Twenty-two officers joined the ranks of the Chattanooga Police Department this week, an achievement they weren't sure they'd reach this year.
The academy was the department's only one this year. In recent years, the department has held at least two academies per year.
The academy's first day was March 13, the same day the city of Chattanooga announced the measures it was taking to curb the spread of the COVID-19 pandemic. From then until several weeks later, the cadets were expected to learn from home.
"I think a lot of us were excited to get started," newly graduated Officer James O'Neil said. "You know, it was a lot of work to get into the academy, even So it was kind of a bummer. It's like, 'Oh, man. We gotta wait.' But I think everybody bounced back real well.
"We had a pretty positive attitude coming in," the 28-year-old added. "I mean, obviously, we're a new generation, new academy. And our motto was, 'Be the change you want to see.'"
For the instructors, too, the shift was unexpected, sometimes requiring last-minute creativity.
"It created a lot of extra work for us to come up with a plan and ideas [for] worthwhile assignments that we still are able to track and be able to record," training officer Phillip McCall said.
For weeks, cadets studied U.S. Supreme Court case law, wrote essays and watched training videos. Other classes do the same, but this year's class spent more time in the books, McCall said.
"I think that allowed them to assess not only our writing but our comprehension of law," O'Neil said. "It was kind of like having homework."
And then the Easter Sunday tornadoes hit the Tennessee Valley.
At least 11 people were killed, dozens more injured and many were left without power or a home in Southeast Tennessee and North Georgia.
Cadets were called in to assist in recovery efforts, something that turned into a team-building experience that they would have otherwise missed out on.
"We just kind of gave them the plan and the idea of what we were doing and just turned them loose and let them do it," McCall said. "They did a great job.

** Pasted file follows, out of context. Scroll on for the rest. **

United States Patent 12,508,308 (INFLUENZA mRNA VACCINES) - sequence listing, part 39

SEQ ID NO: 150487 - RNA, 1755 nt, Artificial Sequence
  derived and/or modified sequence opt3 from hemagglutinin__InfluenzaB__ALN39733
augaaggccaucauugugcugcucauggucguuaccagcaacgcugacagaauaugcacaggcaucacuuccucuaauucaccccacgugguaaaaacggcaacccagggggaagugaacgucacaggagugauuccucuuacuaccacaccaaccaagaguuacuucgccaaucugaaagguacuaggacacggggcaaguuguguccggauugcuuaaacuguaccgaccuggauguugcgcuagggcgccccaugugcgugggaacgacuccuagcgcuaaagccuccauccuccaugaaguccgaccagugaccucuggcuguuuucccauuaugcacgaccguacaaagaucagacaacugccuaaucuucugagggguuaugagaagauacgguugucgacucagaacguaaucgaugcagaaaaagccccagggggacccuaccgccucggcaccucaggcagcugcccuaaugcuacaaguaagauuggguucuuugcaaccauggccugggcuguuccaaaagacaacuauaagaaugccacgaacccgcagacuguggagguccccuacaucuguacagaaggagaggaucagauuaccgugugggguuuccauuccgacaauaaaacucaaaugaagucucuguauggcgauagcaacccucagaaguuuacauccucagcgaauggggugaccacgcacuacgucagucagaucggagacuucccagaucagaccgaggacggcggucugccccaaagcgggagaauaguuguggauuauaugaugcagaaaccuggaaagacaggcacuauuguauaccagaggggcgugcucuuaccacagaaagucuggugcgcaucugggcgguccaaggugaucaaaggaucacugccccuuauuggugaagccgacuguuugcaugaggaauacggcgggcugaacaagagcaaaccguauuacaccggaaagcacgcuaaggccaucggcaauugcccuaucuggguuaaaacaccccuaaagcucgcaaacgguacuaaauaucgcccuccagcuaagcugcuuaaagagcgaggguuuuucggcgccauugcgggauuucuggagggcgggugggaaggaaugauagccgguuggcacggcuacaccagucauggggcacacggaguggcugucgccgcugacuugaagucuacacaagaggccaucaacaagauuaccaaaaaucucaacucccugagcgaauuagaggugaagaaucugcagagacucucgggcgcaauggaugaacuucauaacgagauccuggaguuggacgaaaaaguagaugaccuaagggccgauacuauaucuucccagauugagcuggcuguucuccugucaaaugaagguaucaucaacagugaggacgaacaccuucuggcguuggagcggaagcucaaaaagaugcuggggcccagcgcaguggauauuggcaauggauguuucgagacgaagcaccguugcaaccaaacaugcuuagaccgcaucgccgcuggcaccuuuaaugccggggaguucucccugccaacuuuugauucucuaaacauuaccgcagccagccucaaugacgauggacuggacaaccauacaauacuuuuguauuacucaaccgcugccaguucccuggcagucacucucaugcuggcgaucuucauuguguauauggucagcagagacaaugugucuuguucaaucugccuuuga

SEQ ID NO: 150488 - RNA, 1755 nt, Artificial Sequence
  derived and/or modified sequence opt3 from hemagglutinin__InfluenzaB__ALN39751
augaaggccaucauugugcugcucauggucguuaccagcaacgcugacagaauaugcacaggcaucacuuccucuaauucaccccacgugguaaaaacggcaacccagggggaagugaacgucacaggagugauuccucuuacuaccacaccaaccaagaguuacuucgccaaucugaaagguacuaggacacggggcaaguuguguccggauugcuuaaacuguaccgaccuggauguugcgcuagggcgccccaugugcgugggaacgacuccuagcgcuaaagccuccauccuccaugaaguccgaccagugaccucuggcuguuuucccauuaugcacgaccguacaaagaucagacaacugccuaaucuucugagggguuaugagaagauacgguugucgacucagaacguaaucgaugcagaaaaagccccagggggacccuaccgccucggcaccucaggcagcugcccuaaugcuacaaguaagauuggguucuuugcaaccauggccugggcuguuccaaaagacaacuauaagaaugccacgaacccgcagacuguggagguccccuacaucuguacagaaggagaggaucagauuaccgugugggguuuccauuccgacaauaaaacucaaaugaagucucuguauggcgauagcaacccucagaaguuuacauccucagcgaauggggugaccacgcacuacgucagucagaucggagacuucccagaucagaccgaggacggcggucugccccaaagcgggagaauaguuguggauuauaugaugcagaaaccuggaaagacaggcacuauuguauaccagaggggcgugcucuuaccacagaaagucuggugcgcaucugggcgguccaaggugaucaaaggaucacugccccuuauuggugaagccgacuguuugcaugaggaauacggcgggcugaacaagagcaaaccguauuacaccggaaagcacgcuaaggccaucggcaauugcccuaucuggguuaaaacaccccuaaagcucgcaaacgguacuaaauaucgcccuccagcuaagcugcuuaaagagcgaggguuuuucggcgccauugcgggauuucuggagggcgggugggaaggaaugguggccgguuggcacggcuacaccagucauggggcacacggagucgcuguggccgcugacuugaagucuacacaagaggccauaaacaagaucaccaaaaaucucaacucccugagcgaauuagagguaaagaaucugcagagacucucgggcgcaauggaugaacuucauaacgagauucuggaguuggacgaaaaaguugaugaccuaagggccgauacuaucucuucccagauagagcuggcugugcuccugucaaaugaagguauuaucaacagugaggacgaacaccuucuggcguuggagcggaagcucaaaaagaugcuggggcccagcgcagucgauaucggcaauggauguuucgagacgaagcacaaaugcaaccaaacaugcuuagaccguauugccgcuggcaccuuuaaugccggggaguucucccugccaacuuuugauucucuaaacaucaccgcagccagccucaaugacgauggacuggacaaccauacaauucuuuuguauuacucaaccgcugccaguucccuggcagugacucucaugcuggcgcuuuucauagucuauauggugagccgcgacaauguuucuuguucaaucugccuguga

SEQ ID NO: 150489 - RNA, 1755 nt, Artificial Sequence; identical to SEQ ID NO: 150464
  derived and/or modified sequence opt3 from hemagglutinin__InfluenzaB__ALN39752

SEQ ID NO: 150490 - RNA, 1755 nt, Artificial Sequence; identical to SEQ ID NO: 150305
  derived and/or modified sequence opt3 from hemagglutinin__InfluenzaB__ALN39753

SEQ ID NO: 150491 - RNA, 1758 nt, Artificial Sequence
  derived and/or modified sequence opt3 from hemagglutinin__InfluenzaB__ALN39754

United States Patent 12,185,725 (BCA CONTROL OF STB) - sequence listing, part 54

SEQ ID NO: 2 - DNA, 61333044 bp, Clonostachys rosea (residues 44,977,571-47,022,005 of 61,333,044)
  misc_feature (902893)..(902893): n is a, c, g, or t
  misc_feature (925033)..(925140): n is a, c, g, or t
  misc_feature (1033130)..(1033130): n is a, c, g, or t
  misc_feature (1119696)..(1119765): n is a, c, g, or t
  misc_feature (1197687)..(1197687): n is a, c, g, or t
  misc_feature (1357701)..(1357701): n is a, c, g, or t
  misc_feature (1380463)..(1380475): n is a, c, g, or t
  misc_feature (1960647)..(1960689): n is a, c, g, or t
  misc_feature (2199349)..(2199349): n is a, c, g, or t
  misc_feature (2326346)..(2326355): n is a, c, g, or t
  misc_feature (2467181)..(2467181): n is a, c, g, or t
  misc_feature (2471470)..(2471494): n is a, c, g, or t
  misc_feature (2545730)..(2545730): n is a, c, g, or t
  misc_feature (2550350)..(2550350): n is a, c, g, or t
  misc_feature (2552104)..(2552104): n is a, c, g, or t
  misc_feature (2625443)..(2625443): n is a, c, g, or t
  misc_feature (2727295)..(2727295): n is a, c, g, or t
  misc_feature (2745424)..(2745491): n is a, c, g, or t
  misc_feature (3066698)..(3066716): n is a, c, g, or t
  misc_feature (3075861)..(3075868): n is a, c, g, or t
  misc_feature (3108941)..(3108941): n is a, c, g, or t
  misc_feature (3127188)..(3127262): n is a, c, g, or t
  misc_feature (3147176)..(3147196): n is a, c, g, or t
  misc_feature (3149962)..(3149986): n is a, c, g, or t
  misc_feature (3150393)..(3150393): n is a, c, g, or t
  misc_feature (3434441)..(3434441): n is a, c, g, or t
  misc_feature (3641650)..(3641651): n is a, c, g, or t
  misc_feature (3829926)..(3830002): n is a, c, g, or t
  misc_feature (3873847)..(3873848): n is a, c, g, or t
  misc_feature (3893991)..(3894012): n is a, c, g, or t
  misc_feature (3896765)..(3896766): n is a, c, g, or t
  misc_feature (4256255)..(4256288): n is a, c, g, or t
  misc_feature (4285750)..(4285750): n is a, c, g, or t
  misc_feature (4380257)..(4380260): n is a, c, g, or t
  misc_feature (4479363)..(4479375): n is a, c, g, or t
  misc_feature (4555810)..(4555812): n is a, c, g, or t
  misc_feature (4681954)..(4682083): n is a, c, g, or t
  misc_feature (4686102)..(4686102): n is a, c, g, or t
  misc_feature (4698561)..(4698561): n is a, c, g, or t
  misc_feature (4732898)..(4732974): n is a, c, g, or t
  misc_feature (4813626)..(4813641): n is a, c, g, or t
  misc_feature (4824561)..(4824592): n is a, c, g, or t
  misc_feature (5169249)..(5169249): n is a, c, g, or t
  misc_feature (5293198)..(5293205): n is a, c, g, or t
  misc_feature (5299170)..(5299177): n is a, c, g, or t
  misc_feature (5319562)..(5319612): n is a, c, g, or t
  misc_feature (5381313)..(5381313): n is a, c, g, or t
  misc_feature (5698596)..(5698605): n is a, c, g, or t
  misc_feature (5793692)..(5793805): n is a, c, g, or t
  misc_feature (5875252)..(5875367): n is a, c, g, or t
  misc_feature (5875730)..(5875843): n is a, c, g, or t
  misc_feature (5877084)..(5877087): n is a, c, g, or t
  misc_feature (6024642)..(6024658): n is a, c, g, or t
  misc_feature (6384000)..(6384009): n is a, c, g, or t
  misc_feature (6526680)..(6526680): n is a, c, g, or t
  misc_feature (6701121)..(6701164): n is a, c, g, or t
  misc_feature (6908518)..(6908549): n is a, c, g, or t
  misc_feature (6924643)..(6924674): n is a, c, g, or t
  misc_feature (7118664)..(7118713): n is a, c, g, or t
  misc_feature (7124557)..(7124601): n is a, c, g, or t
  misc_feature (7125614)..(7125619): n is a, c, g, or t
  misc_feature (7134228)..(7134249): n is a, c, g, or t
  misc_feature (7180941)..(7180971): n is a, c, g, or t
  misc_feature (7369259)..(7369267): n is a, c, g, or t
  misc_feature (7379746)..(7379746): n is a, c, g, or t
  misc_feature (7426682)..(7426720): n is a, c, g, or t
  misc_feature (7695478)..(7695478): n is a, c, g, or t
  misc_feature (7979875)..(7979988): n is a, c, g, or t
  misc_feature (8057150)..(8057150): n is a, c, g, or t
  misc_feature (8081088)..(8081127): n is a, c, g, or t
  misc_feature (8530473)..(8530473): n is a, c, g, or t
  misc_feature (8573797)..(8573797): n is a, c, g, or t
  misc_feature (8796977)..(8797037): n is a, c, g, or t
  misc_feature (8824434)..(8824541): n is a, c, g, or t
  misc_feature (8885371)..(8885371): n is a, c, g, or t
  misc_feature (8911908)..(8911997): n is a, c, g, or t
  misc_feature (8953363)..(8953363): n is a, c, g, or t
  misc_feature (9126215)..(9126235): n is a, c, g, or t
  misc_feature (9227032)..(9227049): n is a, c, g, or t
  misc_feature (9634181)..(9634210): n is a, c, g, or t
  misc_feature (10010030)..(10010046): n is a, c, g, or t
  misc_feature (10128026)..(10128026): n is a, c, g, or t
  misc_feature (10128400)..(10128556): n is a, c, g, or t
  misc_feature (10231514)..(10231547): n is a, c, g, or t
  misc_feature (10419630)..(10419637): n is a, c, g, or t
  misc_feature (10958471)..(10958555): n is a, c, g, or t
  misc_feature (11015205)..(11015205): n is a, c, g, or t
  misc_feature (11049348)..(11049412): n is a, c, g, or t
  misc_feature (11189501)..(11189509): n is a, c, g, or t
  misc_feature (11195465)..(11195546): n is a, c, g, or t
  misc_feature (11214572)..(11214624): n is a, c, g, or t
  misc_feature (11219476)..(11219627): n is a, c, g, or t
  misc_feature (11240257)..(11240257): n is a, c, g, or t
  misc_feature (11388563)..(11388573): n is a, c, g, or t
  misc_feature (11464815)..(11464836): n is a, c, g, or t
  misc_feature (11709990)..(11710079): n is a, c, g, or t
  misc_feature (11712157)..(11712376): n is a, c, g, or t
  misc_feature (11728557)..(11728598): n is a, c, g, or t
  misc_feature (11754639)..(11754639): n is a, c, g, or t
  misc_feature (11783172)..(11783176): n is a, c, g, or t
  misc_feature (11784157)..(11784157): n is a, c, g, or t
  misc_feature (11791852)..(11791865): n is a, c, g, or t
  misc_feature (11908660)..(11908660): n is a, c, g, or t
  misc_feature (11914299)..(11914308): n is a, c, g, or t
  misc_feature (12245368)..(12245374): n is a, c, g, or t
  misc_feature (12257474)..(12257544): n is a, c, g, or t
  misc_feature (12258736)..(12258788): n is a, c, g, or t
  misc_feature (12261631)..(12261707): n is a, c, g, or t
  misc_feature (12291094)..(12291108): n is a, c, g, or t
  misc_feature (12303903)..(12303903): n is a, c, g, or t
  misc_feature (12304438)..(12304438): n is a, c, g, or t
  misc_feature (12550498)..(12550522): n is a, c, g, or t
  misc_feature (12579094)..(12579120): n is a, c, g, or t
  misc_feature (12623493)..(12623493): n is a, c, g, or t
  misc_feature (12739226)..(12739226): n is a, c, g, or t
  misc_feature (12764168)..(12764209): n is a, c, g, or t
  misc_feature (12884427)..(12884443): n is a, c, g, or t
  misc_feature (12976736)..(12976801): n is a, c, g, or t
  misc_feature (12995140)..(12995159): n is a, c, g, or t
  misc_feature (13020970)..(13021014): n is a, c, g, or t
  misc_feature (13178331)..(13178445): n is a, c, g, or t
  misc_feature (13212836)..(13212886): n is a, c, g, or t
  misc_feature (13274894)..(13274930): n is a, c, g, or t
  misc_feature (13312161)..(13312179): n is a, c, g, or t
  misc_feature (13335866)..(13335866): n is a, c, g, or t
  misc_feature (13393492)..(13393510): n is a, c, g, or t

"Instead of one day of team-building exercises, we had a whole couple weeks of it," O'Neil said. "That kind of forced us to really work well together."
Even when the cadets were able to start attending classes in-person, they had to be spaced 6 feet apart and wear a face mask.
Their classroom was too small to accommodate social distancing, so a gym became the classroom.
Having to present and teach in that setting was complicated because it wasn't built to accommodate a learning environment, McCall said. Cadets had to work harder to pay attention.
Eventually, there came a time in which the hands-on training simply had to be done. So with health safety measures in place, they trained. And no one contracted COVID-19.
"I think all of us did a really good job of being like, 'OK, these are the people we're with, and we can't really hang out with other people.' I think it was hard. You're isolating with brand new people rather than friends and family you've known for a while."
But because of that need to isolate, this year's academy was unable to complete the department's "community immersion" program, a program designed to expose future officers in specific minority cultures across Chattanooga so that they're able to understand and empathize with those communities better.
Police Chief David Roddy said the department is working to find another way for the new officers to connect with communities in the same way while still maintaining safety protocols.
It wasn't until the last few days of the academy that cadets were able to sit in the classroom in which so many others before them have sat. And that was only because the fire department had to use the gym. Tables were moved around and spaced out as much as possible.
"There are a lot of plaques from previous classes and memorials for officers [on the walls]," O'Neil said. "It was interesting when we got to go in and everyone was looking at them. It's just like, you know, most academies, probably the first week or two, they're probably like, 'That's just the stuff on the wall.' But for us, it was like, 'Oh, cool. We can look at all this history.'"
While this year's academy missed out on a lot of what a typical academy would experience, they benefited in other ways, both McCall and Roddy said.
"In all of the challenges that they faced going through an academy in the middle of a pandemic, they started to build their own personal resiliency as a police officer, I think much sooner than other academy classes," Roddy said. "They were faced with changing expectations. They were given unknown timelines. They had to move into a learning experience which was an understated, atypical setting.
"That's a healthy perspective to have early in your career, because you don't know, coming into a shift in police work, what the end of that shift is going to look like," he added. "That ability to adapt and fluidity and expectations that this academy class has developed because of their personal circumstances in the academy will benefit them greatly as they move through their law enforcement careers."
When graduation finally came, "it was a little surreal," O'Neil said. "But I was excited."
"Everyone there was a little bit nervous about it, but it was mostly just excitement. Everybody was all in the back room waiting to march in, and I don't know. Like afterwards, it was like, 'Oh. We made it through that. We're done.'
"And also just being like, 'All right. There's another challenge coming next."